I’ve been on coronavirus “lockdown” for one day, here’s what I know…

Day one of “lockdown” – new-fangled apocalypse speak conjuring images of bolted bunkers surrounded by firearms and at least five packs of cigarettes. You’ve already got a bandana tied around your head like 1980s Springsteen. Unfortunately, it’s nothing like that, it’s basically just the old adage about a month of Sundays made true. A restless energy, the looming threat of someone suggesting a board game, heightened tension, an inner debate on whether it’s okay to start drinking or not. On account of a couple of dodgy coughs, we thought we’d beat the inevitable school closure and hoik our two out to “self-isolate” for a couple of long, restless weeks. Here’s what I’ve learned so far…

Everyone’s a bit frightened. And really so they should be. An invisible monster that goes from person to person without you knowing for sure. You’ve seen The Thing. And if you haven’t seen The Thing, watch The Thing. It’s all about a thing. Just watch it, you’ll see what I mean.

Is the biggest threat to society going to be when everyone becomes completely demotivated? Because there’s nothing like a global sickness to get you questioning whether your job is actually that important. Do you really want to spend your final days with people who say “end of play”? The KPIs for this particular apocalypse suggest probably not.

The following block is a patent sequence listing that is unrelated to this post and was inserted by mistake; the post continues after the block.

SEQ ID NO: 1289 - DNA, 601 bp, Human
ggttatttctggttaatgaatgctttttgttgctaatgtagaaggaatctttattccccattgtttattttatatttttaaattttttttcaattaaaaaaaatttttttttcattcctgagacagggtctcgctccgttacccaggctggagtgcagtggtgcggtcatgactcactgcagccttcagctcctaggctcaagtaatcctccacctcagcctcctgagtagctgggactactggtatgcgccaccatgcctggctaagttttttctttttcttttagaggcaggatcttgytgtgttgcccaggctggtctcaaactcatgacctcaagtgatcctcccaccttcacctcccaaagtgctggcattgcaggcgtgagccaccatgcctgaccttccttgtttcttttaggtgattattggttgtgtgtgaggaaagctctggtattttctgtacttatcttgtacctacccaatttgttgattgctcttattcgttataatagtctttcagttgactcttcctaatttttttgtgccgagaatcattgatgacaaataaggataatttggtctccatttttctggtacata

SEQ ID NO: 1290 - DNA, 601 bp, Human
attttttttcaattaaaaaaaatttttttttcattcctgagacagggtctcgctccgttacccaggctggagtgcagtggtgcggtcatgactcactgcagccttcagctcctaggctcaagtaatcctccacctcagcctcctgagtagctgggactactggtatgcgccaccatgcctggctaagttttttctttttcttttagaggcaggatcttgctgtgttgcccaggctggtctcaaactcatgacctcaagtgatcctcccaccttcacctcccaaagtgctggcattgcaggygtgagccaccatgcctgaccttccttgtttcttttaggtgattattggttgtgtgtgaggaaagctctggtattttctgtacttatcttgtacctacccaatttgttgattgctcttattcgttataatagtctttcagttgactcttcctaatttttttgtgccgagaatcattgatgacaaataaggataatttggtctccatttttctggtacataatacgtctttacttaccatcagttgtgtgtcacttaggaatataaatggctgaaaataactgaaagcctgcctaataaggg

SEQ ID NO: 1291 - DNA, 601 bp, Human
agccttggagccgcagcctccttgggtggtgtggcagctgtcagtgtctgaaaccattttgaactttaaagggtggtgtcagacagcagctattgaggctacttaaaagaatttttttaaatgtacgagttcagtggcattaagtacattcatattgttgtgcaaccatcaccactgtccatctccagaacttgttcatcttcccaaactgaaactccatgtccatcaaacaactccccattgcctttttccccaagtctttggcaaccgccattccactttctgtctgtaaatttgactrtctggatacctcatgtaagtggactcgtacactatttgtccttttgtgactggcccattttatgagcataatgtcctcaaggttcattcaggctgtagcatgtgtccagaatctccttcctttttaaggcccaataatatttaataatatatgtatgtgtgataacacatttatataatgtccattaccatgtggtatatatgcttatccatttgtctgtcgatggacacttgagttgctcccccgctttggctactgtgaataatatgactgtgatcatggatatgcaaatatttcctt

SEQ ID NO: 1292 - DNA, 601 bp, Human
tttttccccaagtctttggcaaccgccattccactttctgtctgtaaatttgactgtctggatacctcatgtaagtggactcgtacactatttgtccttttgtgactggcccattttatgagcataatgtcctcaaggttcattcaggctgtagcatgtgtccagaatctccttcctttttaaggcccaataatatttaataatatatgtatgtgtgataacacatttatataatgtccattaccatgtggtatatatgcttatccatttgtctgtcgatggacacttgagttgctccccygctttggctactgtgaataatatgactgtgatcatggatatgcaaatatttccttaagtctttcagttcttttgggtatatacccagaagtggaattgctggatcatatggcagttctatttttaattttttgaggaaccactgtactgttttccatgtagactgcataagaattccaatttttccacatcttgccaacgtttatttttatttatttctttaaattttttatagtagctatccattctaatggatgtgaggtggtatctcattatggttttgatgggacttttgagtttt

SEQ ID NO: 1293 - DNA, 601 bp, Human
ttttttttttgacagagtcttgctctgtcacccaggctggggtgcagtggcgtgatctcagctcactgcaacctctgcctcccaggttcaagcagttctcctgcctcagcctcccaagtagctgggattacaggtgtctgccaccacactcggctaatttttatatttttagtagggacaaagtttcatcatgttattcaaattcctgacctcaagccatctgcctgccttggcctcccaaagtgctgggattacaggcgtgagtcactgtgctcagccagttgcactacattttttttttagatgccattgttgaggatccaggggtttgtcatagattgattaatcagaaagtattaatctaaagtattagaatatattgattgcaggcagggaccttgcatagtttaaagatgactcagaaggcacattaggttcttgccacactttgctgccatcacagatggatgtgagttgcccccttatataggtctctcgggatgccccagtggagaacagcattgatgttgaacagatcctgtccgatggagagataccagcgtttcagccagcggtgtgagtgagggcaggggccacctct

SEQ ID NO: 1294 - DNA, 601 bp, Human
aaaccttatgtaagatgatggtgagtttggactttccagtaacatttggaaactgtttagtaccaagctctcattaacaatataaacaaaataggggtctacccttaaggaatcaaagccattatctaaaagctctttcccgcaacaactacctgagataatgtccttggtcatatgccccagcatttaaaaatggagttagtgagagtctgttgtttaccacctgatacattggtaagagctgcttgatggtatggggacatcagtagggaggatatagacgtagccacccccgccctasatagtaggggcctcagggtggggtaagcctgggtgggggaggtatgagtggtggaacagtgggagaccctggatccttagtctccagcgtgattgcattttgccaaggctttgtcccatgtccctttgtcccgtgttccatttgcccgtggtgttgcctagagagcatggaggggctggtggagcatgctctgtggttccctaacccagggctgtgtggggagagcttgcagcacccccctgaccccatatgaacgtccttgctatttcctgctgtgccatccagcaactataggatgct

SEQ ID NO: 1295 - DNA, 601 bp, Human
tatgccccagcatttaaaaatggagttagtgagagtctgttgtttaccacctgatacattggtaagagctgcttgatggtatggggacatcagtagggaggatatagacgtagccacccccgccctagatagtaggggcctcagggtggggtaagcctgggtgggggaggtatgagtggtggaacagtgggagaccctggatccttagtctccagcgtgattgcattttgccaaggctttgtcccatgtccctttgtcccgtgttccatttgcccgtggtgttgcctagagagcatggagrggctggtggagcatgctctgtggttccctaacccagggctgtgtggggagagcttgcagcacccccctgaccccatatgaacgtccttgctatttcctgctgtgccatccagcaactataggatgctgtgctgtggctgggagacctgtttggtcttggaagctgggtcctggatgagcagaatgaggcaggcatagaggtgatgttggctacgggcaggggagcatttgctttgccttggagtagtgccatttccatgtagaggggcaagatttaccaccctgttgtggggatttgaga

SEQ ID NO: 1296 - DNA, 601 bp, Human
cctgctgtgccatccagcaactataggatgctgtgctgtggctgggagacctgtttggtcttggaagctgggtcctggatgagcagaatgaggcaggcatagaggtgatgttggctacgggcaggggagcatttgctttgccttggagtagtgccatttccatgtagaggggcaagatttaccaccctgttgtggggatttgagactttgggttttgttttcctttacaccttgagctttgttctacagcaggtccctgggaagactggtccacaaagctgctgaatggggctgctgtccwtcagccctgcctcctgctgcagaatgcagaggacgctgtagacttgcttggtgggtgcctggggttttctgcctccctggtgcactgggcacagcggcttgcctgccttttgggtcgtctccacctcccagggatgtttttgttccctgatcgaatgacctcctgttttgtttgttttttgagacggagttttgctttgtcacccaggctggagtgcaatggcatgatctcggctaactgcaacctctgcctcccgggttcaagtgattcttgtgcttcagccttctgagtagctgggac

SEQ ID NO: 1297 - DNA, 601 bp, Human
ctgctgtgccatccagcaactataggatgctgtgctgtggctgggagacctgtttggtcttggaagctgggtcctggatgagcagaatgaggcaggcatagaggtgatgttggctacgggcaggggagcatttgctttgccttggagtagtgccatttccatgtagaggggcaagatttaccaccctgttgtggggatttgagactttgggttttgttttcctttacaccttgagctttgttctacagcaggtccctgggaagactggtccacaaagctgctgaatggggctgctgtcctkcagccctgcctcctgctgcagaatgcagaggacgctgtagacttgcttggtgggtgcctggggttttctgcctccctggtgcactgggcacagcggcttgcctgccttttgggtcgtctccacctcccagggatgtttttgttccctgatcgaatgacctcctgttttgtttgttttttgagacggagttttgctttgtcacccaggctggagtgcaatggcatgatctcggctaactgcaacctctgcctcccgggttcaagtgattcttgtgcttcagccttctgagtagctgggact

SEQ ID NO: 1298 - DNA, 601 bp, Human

It’s only Day One and my five-year old son is bouncing off the walls. He’s going to go one of two ways. Either Dennis Hopper in Blue Velvet or Don Logan in Sexy Beast.

There’s an underlying optimism that I hope is real. After a polarising few years for one reason or another, there’s a sense that a rampant virus will ultimately, and ironically, pull people together. Reinvigorate a sense of community spirit, expose our need for fellowship through isolation. Already I’ve told people I’d usually politely ignore to “keep safe”, which at any other time might have sounded like I was secretly planning to murder them.

It’s lucky there’s not a Buy It Now button on Zoopla. It’s not unusual for me to spend my downtime flicking through cheap houses in the middle of nowhere that I could actually afford. Perhaps the coronavirus will finally see me going full Mosquito Coast on your ass.

As a freelancer, things are looking very iffy. I’ve always said that the last thing you really are as a freelancer is free (or a lance) – it’s not so much a case of not having a boss, as the entire world being your boss. In the freelance community (another contradiction in terms) there’s already a palpable sense that, like a bath with the plug out, work will soon be drying up. No matter how amazing at similes you are.

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